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Experts say it is made from Kentish ragstone, a hard grey limestone quarried from Kent and also used in the construction of the Tower of London and Westminster Abbey.
Specialists have been examining 160 rooms and drilling boreholes up to 230ft deep to assess ground conditions around the palace.
The discovery came during a borehole investigation in Chancellor’s Court, near the House of Lords chamber. Drilling was paused and archaeologists from the Museum of London Archaeology brought in.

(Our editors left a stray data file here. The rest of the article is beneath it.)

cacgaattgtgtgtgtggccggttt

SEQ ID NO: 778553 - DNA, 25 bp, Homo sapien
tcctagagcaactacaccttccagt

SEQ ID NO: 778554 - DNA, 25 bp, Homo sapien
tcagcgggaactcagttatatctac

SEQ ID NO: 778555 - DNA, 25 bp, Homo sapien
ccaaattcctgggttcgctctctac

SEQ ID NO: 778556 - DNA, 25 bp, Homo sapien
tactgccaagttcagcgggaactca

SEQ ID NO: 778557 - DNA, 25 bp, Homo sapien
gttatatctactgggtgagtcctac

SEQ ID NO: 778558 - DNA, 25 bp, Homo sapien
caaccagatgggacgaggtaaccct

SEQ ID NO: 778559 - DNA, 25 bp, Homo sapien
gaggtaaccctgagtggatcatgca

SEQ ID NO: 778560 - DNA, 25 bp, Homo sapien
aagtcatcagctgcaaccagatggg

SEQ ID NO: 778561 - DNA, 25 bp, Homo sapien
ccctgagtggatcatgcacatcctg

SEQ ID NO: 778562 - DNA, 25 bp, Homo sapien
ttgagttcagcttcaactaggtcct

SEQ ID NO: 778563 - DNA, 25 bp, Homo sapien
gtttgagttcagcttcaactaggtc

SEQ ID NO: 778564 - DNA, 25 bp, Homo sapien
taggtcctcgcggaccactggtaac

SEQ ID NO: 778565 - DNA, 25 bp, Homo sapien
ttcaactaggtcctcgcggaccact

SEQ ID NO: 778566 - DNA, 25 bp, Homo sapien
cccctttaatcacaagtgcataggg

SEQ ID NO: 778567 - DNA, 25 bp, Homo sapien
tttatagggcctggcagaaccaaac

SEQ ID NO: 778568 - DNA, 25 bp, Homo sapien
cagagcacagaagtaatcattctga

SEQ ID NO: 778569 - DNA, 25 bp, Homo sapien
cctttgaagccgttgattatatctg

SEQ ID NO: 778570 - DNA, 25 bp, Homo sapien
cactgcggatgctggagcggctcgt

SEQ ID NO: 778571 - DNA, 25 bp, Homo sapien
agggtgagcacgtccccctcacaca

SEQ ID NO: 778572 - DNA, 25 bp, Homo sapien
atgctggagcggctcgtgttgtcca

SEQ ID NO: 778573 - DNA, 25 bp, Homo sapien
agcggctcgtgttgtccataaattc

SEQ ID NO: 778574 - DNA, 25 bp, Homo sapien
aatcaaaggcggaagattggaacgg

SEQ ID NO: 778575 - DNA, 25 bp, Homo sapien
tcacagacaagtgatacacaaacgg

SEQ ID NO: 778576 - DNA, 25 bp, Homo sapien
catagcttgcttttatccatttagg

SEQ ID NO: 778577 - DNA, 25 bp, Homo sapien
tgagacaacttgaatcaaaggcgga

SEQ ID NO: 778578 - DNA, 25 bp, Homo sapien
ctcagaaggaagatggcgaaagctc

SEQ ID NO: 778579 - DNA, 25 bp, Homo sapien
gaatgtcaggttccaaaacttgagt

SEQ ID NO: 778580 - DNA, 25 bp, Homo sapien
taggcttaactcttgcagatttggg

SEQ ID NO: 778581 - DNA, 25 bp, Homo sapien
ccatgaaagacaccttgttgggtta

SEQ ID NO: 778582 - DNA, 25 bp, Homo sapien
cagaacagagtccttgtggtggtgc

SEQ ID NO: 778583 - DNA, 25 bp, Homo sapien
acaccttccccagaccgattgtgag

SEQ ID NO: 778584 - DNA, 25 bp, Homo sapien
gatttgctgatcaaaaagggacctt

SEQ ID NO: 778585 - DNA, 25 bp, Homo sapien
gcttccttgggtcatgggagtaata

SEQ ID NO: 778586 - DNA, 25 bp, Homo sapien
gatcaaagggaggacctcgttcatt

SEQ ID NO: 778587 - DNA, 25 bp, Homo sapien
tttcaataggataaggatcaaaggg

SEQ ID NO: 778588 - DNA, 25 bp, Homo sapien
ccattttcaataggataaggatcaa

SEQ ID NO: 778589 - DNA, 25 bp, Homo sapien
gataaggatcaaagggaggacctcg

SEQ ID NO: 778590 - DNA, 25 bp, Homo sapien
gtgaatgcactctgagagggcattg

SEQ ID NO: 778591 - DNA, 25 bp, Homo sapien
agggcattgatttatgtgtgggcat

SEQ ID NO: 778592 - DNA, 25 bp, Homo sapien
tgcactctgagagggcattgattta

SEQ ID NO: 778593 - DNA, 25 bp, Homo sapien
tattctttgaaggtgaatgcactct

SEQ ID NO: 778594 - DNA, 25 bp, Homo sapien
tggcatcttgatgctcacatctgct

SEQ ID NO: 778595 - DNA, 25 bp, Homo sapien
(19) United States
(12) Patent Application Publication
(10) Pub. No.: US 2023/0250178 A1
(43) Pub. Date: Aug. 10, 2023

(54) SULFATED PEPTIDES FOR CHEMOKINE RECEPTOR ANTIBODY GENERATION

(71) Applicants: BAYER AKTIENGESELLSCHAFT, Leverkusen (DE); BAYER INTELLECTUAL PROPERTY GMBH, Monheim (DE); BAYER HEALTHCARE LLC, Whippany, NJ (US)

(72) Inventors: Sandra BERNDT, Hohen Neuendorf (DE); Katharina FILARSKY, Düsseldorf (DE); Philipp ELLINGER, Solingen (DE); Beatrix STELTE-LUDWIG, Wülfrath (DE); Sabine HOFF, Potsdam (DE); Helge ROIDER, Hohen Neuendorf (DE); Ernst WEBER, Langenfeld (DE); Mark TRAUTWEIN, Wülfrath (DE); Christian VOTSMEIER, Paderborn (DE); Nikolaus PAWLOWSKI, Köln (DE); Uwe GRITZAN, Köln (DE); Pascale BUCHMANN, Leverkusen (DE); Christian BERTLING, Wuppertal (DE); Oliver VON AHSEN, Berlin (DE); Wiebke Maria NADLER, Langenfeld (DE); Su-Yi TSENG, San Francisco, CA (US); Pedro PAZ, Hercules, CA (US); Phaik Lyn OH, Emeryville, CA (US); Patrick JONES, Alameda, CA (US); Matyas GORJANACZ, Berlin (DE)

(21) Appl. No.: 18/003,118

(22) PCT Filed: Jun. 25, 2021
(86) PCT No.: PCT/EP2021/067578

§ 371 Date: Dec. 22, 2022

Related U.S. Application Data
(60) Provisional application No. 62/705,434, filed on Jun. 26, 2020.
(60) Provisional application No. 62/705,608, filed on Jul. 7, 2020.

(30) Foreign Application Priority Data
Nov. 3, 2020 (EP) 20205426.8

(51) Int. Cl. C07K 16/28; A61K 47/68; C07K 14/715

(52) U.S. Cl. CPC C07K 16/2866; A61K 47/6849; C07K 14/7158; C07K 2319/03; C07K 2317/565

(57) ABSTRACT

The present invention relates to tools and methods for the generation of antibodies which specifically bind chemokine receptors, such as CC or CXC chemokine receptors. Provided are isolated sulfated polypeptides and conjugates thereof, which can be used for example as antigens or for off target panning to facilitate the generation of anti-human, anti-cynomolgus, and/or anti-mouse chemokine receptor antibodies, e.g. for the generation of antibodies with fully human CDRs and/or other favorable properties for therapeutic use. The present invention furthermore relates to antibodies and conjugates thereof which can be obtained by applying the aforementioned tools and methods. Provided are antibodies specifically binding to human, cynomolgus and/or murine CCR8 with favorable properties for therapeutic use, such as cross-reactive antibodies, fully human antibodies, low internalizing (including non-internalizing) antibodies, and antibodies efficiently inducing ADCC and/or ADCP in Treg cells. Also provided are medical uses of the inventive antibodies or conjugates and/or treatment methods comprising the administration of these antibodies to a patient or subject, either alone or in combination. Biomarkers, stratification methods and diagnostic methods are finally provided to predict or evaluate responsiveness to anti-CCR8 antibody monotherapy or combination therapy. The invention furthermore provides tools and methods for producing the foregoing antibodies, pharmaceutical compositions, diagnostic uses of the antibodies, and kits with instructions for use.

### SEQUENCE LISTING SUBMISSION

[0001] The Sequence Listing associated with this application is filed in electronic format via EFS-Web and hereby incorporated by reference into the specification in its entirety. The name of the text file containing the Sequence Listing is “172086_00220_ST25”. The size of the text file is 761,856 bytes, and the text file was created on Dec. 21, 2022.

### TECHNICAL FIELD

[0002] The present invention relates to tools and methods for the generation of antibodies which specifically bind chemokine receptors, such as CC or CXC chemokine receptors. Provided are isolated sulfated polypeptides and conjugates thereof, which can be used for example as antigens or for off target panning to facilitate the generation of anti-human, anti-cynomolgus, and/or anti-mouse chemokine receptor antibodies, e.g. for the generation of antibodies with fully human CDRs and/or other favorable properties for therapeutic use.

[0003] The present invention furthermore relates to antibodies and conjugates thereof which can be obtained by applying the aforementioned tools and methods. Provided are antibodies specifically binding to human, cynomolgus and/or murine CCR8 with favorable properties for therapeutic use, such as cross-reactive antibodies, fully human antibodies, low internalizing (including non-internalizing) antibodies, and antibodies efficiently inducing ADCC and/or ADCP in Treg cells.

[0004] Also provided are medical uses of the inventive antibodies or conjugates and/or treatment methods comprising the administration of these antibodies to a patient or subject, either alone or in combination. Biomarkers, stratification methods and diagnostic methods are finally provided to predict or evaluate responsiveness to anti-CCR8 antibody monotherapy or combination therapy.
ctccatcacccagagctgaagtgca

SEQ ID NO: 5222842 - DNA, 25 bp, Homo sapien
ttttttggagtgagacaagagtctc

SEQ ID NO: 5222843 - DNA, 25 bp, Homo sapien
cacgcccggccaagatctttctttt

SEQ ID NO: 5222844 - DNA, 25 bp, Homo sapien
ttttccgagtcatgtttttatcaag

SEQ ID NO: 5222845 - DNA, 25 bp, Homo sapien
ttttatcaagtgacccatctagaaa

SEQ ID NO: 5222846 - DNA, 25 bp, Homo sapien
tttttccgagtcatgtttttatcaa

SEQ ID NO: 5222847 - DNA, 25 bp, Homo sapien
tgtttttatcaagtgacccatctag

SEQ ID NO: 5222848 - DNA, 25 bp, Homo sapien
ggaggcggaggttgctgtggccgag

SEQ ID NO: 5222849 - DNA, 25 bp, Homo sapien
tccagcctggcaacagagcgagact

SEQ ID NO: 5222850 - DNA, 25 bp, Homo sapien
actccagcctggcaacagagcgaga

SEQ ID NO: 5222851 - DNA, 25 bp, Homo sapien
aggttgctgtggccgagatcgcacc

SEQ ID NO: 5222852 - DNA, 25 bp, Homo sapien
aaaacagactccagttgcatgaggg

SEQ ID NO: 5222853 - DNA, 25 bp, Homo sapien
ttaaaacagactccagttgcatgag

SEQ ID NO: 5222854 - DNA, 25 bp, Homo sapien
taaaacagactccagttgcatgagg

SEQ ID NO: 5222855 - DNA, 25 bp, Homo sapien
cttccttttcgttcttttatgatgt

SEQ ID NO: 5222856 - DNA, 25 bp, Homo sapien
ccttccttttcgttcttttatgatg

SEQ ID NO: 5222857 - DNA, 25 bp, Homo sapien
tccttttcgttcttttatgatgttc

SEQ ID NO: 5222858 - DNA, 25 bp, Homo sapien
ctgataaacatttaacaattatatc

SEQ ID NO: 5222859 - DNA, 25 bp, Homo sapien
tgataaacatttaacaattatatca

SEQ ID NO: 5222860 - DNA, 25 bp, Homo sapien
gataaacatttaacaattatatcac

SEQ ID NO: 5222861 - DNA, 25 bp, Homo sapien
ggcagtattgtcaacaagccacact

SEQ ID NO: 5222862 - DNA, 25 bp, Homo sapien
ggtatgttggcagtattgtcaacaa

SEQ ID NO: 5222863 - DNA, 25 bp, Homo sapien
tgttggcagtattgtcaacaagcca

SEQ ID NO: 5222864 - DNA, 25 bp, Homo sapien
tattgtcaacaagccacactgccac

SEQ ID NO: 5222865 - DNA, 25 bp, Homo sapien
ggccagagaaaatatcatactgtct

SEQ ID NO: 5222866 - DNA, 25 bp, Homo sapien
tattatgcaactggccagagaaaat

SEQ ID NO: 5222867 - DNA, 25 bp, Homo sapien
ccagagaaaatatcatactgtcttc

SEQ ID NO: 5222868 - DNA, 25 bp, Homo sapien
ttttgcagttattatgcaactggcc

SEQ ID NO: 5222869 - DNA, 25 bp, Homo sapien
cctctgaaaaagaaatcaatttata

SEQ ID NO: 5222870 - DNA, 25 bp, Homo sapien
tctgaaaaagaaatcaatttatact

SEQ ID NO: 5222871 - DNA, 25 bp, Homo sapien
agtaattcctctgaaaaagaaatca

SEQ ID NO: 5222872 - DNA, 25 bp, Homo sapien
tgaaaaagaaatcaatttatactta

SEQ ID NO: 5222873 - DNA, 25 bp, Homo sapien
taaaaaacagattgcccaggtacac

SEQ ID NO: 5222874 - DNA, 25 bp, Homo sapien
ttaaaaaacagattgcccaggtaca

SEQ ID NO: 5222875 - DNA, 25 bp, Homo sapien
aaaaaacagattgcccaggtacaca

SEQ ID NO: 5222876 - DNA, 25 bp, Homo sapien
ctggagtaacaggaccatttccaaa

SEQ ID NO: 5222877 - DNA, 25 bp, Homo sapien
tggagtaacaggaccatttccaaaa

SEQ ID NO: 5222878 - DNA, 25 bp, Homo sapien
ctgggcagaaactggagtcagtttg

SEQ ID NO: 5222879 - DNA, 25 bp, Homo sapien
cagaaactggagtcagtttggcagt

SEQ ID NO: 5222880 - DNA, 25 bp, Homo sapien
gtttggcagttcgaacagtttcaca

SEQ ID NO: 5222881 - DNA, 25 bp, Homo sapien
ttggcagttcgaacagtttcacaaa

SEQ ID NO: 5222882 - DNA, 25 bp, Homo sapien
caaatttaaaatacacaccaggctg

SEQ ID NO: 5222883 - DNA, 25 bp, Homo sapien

A small amount of material was removed for analysis before the site was sealed up to protect it.
Archaeologist Roland Tillyer said: “It’s been really exciting being involved in the restoration.
“The first few metres of the borehole sequence was as expected, post-medieval dump deposits, which are quite soft, but then around 3.5 metres (12ft) we came across much harder material, including Kentish ragstone, mixed with a sandy mortar.”
Lord Speaker, Lord McFall of Alcluith, said: “The Houses of Parliament are full of extraordinary history that is worth protecting, as this discovery demonstrates.”
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